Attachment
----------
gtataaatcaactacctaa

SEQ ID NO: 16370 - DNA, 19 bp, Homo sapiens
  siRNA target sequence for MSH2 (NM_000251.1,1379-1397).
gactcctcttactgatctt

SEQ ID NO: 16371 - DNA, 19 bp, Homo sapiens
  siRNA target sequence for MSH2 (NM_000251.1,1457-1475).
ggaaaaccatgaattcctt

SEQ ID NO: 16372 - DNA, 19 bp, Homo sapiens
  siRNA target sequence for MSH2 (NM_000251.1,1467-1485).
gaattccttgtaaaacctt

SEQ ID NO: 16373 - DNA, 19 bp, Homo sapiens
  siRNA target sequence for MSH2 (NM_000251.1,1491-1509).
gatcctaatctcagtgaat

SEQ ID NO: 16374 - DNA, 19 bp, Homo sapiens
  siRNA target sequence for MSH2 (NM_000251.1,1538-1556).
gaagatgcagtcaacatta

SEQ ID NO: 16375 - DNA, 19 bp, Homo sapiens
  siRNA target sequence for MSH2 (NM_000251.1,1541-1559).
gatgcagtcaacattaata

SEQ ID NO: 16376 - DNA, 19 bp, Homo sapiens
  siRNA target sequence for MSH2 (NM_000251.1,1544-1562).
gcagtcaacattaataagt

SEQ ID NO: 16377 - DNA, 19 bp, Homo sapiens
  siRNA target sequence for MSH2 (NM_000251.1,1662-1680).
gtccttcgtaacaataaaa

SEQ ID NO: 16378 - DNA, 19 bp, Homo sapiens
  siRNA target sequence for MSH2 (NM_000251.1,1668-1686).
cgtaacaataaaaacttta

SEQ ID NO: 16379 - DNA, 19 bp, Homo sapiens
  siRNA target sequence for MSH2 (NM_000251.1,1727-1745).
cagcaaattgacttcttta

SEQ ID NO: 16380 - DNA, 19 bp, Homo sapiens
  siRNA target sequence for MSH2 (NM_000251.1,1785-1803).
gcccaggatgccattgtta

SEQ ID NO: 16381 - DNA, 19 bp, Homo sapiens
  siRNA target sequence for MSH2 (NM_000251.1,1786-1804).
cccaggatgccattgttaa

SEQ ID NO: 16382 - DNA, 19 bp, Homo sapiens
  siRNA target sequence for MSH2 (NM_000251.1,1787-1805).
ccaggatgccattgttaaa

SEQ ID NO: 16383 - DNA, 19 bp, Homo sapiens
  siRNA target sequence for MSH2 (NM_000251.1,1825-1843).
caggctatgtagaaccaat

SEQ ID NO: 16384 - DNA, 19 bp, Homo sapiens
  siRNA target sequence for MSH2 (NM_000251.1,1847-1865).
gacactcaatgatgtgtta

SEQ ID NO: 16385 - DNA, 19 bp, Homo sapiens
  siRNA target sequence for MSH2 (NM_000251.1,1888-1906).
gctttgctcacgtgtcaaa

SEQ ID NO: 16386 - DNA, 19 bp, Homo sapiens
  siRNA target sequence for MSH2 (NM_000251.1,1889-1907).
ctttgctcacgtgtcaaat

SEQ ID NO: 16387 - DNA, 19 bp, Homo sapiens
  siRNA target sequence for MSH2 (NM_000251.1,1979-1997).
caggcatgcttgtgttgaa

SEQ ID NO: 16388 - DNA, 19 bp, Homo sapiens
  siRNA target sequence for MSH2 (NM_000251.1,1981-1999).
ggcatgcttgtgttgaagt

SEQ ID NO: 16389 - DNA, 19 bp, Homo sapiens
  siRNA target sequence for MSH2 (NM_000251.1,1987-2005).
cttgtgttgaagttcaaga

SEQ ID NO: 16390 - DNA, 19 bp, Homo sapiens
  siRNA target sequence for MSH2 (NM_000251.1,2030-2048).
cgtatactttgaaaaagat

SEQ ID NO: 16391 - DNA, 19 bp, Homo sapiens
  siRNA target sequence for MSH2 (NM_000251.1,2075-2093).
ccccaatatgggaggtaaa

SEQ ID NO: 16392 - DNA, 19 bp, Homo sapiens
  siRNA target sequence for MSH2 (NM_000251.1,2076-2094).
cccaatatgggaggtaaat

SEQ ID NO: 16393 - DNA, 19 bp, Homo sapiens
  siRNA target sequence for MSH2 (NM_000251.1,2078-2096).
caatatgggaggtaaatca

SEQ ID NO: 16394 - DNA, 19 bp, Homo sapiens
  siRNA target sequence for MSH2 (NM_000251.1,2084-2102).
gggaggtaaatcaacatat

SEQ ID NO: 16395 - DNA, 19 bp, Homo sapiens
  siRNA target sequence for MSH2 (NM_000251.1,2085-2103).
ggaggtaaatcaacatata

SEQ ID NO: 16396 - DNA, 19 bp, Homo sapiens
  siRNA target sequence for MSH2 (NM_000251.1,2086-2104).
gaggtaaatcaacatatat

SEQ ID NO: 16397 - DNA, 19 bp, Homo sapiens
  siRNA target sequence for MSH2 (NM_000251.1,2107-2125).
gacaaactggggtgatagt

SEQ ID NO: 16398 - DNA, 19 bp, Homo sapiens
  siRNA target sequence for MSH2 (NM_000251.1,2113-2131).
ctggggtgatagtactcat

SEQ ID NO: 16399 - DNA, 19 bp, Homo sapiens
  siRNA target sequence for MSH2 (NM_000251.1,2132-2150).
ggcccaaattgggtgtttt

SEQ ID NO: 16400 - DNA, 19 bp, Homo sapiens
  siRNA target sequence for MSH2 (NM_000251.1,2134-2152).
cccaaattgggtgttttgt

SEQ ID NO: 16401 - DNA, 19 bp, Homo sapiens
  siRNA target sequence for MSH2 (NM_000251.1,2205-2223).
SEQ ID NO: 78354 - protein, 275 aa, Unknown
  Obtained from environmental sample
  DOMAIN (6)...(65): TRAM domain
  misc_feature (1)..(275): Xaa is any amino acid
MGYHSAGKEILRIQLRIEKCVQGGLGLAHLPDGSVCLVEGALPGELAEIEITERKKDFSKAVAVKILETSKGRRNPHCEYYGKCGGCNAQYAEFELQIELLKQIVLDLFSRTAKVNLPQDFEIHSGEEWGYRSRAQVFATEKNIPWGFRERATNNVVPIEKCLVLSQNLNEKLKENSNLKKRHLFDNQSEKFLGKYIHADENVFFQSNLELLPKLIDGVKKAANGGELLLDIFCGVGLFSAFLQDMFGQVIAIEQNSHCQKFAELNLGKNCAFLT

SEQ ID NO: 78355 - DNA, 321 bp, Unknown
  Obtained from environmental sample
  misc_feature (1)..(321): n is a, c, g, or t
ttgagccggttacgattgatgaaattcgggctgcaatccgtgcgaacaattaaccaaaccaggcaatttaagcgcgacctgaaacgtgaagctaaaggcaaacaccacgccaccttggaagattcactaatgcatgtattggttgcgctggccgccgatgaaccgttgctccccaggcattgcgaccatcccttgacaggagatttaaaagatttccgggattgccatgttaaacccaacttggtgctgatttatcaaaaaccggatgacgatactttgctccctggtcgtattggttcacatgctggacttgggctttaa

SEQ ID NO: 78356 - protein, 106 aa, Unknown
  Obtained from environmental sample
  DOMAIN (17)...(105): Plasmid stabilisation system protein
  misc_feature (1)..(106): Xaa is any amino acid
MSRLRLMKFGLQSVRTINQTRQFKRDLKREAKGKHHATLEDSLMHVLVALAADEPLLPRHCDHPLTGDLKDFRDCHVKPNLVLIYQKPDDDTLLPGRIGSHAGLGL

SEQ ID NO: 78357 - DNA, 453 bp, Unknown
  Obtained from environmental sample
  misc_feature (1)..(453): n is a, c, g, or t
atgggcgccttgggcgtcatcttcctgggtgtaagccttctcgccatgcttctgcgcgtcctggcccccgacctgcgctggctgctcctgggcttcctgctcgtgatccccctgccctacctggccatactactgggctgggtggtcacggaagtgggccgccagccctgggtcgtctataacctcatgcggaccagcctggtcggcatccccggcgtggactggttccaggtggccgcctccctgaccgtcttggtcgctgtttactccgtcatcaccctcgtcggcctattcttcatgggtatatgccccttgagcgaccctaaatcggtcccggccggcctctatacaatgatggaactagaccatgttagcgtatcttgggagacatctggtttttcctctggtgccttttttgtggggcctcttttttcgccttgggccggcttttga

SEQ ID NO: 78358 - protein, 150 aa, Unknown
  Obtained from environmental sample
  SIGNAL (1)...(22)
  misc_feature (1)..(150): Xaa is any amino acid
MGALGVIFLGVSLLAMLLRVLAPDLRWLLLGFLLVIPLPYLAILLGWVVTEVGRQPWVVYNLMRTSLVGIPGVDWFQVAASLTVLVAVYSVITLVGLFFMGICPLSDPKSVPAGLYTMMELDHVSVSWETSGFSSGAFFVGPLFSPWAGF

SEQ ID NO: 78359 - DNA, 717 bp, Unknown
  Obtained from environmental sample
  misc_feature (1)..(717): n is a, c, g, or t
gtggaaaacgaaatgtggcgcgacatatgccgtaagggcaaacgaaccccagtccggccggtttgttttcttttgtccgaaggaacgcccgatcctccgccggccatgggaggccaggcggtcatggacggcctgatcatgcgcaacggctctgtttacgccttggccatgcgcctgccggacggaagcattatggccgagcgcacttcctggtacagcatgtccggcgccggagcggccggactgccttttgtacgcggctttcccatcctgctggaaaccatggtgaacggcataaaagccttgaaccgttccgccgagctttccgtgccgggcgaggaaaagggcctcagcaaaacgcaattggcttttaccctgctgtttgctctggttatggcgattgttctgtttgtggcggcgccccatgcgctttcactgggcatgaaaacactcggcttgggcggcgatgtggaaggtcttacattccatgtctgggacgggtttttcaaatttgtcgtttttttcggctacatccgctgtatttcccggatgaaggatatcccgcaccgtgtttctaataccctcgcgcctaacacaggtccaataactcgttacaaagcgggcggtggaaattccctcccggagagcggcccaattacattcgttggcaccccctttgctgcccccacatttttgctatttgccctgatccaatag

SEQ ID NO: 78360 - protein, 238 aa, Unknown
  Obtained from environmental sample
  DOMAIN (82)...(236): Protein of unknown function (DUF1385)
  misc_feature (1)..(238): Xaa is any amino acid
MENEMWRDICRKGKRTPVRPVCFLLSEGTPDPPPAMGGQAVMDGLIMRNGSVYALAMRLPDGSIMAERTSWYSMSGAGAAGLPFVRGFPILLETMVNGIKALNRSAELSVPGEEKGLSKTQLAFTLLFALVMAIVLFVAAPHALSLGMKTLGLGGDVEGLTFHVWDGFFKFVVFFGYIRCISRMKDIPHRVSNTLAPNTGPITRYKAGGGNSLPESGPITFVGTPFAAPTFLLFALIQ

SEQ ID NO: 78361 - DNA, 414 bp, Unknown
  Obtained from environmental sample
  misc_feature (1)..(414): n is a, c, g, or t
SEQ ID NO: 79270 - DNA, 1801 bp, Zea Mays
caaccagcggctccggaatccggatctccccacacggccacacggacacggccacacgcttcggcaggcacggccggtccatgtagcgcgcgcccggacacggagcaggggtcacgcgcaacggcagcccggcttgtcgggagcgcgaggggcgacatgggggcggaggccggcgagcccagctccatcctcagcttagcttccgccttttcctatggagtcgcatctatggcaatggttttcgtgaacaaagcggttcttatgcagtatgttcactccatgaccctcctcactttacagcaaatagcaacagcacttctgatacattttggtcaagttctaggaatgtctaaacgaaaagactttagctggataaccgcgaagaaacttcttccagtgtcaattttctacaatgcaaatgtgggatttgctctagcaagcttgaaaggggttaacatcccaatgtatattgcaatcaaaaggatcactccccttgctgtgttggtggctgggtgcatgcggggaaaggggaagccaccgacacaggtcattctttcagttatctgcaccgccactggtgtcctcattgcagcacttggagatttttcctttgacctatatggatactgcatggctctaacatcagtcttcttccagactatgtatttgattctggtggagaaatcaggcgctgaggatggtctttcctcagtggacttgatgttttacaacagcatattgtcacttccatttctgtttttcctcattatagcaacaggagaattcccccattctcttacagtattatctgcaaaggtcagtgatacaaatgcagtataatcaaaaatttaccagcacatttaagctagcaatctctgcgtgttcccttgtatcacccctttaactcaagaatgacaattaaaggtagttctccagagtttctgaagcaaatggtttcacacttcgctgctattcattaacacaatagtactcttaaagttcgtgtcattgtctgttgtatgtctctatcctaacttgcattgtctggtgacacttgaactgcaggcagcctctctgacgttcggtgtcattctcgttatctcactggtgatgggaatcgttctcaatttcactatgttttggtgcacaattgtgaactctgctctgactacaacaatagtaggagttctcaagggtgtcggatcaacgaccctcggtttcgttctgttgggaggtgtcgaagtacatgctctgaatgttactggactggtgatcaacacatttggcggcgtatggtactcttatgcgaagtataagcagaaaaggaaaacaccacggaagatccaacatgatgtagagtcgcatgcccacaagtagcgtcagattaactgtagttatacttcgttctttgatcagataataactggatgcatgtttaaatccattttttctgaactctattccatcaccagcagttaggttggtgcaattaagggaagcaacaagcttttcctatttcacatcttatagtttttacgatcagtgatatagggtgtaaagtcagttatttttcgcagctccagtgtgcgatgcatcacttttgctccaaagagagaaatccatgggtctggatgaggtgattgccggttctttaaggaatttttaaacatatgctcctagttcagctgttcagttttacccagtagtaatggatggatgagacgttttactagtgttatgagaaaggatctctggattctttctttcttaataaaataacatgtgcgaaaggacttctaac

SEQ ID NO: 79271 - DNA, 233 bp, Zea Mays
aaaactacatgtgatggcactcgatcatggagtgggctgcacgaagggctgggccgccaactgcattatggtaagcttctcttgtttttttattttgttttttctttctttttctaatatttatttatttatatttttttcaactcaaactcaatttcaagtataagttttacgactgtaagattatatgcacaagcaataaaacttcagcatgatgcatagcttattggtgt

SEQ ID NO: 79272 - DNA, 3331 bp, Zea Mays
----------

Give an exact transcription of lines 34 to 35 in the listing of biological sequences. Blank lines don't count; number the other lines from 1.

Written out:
gcccaggatgccattgtta

SEQ ID NO: 16381 - DNA, 19 bp, Homo sapiens